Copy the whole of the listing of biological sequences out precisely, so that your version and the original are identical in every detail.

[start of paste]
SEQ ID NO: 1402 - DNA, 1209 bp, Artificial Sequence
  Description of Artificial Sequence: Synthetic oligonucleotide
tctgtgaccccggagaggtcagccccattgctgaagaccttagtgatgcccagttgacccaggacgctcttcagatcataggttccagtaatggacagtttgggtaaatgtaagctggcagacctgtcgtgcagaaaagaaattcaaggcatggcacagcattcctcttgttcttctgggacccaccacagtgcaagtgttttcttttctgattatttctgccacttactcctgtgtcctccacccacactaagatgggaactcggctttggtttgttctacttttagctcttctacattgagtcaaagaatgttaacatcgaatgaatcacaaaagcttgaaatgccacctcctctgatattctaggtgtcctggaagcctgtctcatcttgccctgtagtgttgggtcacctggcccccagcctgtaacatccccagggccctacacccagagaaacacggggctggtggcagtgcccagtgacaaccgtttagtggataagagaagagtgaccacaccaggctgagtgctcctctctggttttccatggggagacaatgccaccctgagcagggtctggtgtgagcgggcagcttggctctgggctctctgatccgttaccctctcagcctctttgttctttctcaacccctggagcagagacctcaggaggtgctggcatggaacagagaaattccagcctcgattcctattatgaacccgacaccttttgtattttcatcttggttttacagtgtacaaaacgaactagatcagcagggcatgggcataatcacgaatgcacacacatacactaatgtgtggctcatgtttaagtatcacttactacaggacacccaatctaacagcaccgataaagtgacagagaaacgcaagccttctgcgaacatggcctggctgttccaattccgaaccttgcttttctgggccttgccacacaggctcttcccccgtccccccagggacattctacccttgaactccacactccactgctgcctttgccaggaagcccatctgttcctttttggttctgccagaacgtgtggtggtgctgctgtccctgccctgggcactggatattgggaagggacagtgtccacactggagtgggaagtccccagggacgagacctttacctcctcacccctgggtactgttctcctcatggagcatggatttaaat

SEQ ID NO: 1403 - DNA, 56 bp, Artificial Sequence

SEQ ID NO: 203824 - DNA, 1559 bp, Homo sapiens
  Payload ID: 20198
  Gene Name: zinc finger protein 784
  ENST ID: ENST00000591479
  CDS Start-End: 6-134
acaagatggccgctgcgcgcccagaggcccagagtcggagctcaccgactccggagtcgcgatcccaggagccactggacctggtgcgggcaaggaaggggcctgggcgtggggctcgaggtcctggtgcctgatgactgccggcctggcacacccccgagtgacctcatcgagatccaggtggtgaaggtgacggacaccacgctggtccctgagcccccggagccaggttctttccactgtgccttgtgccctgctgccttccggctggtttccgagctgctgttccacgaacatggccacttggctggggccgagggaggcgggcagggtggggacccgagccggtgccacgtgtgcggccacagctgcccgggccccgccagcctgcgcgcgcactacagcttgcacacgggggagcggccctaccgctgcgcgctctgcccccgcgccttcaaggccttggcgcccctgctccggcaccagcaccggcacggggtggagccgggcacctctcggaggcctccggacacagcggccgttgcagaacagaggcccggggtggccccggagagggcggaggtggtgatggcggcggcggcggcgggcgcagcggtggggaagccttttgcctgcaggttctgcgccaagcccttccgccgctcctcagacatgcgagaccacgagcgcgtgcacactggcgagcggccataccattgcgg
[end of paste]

SEQ ID NO: 1402 - DNA, 1209 bp, Artificial Sequence
  Description of Artificial Sequence: Synthetic oligonucleotide
tctgtgaccccggagaggtcagccccattgctgaagaccttagtgatgcccagttgacccaggacgctcttcagatcataggttccagtaatggacagtttgggtaaatgtaagctggcagacctgtcgtgcagaaaagaaattcaaggcatggcacagcattcctcttgttcttctgggacccaccacagtgcaagtgttttcttttctgattatttctgccacttactcctgtgtcctccacccacactaagatgggaactcggctttggtttgttctacttttagctcttctacattgagtcaaagaatgttaacatcgaatgaatcacaaaagcttgaaatgccacctcctctgatattctaggtgtcctggaagcctgtctcatcttgccctgtagtgttgggtcacctggcccccagcctgtaacatccccagggccctacacccagagaaacacggggctggtggcagtgcccagtgacaaccgtttagtggataagagaagagtgaccacaccaggctgagtgctcctctctggttttccatggggagacaatgccaccctgagcagggtctggtgtgagcgggcagcttggctctgggctctctgatccgttaccctctcagcctctttgttctttctcaacccctggagcagagacctcaggaggtgctggcatggaacagagaaattccagcctcgattcctattatgaacccgacaccttttgtattttcatcttggttttacagtgtacaaaacgaactagatcagcagggcatgggcataatcacgaatgcacacacatacactaatgtgtggctcatgtttaagtatcacttactacaggacacccaatctaacagcaccgataaagtgacagagaaacgcaagccttctgcgaacatggcctggctgttccaattccgaaccttgcttttctgggccttgccacacaggctcttcccccgtccccccagggacattctacccttgaactccacactccactgctgcctttgccaggaagcccatctgttcctttttggttctgccagaacgtgtggtggtgctgctgtccctgccctgggcactggatattgggaagggacagtgtccacactggagtgggaagtccccagggacgagacctttacctcctcacccctgggtactgttctcctcatggagcatggatttaaat

SEQ ID NO: 1403 - DNA, 56 bp, Artificial Sequence

SEQ ID NO: 203824 - DNA, 1559 bp, Homo sapiens
  Payload ID: 20198
  Gene Name: zinc finger protein 784
  ENST ID: ENST00000591479
  CDS Start-End: 6-134
acaagatggccgctgcgcgcccagaggcccagagtcggagctcaccgactccggagtcgcgatcccaggagccactggacctggtgcgggcaaggaaggggcctgggcgtggggctcgaggtcctggtgcctgatgactgccggcctggcacacccccgagtgacctcatcgagatccaggtggtgaaggtgacggacaccacgctggtccctgagcccccggagccaggttctttccactgtgccttgtgccctgctgccttccggctggtttccgagctgctgttccacgaacatggccacttggctggggccgagggaggcgggcagggtggggacccgagccggtgccacgtgtgcggccacagctgcccgggccccgccagcctgcgcgcgcactacagcttgcacacgggggagcggccctaccgctgcgcgctctgcccccgcgccttcaaggccttggcgcccctgctccggcaccagcaccggcacggggtggagccgggcacctctcggaggcctccggacacagcggccgttgcagaacagaggcccggggtggccccggagagggcggaggtggtgatggcggcggcggcggcgggcgcagcggtggggaagccttttgcctgcaggttctgcgccaagcccttccgccgctcctcagacatgcgagaccacgagcgcgtgcacactggcgagcggccataccattgcgg